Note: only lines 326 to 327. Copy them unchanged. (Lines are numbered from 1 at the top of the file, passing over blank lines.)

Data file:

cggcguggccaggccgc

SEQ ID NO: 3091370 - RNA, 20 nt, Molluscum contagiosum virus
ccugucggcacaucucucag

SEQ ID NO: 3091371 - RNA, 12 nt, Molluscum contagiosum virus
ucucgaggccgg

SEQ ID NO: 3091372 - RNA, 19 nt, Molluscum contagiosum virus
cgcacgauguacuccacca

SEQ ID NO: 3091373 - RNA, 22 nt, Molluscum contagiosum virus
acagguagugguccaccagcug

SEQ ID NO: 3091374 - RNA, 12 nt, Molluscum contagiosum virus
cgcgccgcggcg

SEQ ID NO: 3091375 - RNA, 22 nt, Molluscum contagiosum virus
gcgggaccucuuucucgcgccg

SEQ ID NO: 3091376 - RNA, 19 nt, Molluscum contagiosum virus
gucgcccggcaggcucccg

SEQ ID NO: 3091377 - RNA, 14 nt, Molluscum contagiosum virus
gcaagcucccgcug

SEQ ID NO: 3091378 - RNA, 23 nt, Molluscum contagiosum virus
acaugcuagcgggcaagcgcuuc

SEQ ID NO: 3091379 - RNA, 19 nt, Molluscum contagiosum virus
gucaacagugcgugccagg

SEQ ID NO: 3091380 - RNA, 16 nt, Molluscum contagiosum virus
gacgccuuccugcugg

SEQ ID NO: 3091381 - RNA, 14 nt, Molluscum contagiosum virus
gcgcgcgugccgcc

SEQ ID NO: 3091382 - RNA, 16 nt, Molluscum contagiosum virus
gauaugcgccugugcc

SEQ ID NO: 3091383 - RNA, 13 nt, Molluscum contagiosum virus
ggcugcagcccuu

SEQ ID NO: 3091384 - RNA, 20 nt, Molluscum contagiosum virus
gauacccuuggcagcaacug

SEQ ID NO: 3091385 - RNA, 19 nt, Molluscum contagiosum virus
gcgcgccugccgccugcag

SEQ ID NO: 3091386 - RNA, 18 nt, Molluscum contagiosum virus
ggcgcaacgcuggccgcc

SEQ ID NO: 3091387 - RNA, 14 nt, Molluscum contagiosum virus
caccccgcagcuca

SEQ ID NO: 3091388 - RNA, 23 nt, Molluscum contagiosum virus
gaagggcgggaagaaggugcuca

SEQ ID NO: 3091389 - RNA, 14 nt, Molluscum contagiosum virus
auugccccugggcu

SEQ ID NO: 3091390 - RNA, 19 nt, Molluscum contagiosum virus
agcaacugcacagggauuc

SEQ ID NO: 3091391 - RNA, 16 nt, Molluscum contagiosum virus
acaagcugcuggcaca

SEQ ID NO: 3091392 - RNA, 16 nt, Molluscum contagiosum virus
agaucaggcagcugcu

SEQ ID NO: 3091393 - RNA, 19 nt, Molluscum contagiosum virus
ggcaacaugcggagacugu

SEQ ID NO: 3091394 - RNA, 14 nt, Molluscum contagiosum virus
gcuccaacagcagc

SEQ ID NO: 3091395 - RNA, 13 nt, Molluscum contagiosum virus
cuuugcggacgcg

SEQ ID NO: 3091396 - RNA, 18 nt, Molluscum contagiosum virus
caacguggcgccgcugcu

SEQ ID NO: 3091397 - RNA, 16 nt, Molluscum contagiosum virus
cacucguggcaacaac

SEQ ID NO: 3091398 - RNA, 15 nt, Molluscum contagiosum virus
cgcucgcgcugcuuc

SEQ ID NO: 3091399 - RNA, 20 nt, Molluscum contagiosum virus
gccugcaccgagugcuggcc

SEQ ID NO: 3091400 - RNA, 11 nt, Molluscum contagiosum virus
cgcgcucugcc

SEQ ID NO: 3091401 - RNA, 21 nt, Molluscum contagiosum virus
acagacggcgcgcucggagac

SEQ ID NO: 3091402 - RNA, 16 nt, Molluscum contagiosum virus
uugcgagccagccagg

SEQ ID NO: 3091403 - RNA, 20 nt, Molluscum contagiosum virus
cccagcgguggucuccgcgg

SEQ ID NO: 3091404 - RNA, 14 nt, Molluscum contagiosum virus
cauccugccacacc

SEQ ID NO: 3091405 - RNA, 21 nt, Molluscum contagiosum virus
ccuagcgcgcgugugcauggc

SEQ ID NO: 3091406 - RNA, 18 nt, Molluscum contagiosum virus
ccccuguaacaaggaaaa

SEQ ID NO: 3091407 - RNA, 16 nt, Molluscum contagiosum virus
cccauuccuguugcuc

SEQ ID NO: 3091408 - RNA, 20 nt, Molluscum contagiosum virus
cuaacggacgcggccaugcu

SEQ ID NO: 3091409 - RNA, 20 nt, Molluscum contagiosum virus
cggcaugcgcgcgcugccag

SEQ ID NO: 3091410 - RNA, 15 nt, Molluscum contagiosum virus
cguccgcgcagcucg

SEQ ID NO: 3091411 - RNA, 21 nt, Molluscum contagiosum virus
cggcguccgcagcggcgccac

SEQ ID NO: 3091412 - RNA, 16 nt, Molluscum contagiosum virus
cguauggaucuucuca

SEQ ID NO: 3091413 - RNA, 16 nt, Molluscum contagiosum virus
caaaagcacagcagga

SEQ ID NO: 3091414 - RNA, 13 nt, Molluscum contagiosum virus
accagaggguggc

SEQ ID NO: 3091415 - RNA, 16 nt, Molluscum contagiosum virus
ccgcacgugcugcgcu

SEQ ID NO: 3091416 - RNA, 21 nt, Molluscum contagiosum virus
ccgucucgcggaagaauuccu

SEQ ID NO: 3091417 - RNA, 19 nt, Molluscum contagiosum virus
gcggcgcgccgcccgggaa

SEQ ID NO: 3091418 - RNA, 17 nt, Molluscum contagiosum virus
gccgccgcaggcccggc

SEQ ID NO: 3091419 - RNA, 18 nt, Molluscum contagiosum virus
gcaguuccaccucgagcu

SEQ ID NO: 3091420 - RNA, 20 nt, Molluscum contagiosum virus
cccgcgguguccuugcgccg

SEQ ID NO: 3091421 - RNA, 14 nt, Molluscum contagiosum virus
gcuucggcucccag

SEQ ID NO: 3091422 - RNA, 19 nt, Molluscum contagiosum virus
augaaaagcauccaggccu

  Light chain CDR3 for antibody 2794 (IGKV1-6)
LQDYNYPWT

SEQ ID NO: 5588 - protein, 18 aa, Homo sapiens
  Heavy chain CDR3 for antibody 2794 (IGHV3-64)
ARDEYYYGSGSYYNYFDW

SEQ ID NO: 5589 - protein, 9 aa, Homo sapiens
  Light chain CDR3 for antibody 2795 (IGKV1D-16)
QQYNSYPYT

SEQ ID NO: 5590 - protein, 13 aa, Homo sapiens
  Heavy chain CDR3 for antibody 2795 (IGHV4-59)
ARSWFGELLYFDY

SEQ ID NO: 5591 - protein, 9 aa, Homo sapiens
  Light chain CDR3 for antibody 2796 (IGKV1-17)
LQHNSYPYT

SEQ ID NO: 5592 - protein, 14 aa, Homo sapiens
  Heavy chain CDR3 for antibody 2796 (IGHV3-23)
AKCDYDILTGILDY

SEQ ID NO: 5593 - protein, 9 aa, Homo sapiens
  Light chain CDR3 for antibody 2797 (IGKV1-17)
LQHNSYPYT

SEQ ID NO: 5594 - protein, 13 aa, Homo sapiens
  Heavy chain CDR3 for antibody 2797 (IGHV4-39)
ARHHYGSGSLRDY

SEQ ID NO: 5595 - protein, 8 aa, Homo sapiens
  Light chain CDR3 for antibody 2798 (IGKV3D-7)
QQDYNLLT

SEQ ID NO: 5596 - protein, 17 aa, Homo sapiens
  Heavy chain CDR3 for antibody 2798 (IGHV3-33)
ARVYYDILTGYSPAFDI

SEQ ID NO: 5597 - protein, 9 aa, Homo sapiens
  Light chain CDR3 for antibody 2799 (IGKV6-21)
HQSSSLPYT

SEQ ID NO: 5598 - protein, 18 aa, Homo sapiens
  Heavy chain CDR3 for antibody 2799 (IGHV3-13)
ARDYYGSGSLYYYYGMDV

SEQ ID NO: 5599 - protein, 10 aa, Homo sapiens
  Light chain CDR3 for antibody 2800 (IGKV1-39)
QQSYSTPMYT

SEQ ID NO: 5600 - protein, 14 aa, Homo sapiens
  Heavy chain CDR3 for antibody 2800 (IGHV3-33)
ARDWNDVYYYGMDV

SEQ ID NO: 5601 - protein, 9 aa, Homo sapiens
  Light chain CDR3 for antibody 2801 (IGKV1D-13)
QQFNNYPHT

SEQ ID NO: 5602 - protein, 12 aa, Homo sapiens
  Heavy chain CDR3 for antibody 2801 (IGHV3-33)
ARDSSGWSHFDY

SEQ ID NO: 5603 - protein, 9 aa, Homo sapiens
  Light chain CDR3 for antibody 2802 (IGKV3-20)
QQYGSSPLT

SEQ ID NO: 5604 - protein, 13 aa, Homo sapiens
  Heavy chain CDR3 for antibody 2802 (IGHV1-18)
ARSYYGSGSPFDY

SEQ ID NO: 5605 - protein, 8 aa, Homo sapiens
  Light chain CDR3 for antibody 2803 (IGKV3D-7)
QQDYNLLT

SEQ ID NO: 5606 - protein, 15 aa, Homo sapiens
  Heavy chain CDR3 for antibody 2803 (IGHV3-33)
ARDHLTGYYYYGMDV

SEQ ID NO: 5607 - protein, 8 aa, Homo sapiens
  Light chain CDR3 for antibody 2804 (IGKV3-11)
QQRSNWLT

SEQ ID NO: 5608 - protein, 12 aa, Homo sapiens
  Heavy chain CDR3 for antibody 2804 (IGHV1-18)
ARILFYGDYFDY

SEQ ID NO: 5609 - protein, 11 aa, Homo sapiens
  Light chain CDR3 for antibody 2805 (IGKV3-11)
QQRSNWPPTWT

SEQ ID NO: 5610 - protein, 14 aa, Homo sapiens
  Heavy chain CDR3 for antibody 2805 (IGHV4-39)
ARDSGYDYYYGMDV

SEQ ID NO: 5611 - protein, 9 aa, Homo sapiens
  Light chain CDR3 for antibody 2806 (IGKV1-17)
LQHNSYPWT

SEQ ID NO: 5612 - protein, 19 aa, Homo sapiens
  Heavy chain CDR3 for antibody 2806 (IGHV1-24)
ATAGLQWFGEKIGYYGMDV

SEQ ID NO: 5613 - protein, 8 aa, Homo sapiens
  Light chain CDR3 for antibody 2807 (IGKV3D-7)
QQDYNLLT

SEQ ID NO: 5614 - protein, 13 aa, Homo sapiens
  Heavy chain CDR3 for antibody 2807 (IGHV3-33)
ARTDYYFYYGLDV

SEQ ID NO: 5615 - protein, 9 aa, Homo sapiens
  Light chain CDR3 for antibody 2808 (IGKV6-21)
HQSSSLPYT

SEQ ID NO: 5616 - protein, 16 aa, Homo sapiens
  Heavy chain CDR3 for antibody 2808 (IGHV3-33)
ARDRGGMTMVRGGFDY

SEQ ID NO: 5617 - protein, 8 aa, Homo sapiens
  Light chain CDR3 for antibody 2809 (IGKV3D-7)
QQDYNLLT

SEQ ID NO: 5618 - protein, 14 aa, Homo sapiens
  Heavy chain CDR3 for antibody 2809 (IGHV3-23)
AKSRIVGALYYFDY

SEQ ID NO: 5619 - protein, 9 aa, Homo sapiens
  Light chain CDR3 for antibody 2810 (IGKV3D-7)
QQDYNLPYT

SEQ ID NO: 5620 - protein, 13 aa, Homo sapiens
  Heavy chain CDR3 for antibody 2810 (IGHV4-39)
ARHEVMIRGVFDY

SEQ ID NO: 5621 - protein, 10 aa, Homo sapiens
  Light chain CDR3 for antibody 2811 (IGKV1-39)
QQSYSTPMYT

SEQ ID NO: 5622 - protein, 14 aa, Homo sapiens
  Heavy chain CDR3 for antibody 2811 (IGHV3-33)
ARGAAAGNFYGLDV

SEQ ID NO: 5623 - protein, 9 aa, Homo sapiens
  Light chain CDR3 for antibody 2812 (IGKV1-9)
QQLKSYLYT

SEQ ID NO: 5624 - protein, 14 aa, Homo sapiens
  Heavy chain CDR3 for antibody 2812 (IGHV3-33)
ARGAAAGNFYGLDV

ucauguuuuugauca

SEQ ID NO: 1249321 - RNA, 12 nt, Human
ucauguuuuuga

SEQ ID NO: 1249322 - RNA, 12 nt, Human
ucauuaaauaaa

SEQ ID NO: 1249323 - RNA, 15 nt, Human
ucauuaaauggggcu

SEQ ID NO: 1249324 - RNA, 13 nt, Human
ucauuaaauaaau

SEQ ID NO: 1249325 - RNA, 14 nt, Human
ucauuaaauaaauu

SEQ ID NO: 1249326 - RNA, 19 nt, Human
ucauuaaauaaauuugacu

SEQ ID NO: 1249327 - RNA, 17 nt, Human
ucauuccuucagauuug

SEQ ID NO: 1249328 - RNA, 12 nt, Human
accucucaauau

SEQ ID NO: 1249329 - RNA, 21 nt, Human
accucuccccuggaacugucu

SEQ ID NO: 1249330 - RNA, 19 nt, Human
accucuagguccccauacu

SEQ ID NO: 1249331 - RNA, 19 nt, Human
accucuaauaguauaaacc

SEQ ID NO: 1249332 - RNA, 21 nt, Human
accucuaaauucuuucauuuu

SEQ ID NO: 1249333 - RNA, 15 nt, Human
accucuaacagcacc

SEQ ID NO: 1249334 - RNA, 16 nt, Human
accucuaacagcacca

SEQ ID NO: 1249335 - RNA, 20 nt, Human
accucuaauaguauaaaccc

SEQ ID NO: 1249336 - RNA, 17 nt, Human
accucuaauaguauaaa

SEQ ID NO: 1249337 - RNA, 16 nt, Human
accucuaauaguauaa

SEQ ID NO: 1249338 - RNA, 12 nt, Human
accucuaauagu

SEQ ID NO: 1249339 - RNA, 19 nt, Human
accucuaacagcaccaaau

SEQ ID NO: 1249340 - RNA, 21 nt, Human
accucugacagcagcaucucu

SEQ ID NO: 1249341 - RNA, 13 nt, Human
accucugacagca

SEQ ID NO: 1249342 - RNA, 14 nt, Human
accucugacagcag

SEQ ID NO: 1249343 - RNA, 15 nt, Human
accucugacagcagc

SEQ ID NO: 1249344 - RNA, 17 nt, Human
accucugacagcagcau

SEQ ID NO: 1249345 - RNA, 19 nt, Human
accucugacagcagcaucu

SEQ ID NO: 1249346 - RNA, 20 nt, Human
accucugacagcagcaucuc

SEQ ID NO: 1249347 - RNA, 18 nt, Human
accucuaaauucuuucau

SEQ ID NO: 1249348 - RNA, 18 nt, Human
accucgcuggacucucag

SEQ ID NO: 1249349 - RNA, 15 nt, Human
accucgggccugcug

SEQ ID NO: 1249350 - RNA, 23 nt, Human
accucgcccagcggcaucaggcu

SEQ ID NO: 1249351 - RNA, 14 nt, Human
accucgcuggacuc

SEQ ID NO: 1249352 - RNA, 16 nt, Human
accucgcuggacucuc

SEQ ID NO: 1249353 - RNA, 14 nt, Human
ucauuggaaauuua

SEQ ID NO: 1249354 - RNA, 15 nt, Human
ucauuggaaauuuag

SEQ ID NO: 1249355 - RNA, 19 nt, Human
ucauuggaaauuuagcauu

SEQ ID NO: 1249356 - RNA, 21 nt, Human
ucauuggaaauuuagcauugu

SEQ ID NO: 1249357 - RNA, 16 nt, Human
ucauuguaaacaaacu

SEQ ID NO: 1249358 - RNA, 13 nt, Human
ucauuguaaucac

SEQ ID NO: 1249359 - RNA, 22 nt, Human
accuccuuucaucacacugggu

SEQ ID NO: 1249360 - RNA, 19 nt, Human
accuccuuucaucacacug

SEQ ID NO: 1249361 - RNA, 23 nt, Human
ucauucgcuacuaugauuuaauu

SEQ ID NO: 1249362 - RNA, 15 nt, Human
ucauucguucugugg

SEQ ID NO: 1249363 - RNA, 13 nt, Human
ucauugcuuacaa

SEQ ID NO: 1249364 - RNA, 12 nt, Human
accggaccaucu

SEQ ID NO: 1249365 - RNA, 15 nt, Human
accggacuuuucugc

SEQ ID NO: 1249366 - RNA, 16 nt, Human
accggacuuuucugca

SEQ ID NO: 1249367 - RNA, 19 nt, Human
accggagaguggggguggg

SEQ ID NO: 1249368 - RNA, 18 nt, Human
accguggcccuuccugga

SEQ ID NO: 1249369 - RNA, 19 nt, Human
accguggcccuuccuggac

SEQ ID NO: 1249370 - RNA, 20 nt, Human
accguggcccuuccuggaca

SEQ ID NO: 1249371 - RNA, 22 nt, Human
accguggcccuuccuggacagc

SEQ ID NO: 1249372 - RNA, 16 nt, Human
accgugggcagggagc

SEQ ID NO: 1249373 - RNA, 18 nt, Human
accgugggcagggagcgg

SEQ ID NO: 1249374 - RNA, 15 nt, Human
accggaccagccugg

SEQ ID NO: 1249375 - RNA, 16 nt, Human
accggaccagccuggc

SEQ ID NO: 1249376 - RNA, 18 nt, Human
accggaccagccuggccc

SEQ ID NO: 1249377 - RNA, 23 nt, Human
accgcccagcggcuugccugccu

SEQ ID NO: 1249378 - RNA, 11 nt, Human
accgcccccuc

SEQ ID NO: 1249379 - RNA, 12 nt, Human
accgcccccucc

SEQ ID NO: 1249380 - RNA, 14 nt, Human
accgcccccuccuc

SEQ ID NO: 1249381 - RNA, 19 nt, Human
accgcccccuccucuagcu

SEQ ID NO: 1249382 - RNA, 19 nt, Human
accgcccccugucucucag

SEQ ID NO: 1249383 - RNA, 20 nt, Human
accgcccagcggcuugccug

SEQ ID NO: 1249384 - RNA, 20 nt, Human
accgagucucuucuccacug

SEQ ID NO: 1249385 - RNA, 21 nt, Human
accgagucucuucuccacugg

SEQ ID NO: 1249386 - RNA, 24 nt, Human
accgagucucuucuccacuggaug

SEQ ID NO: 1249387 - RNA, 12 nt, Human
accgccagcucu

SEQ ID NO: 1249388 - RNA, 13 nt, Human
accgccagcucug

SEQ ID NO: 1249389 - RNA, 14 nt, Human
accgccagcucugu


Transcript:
SEQ ID NO: 1249373 - RNA, 18 nt, Human
accgugggcagggagcgg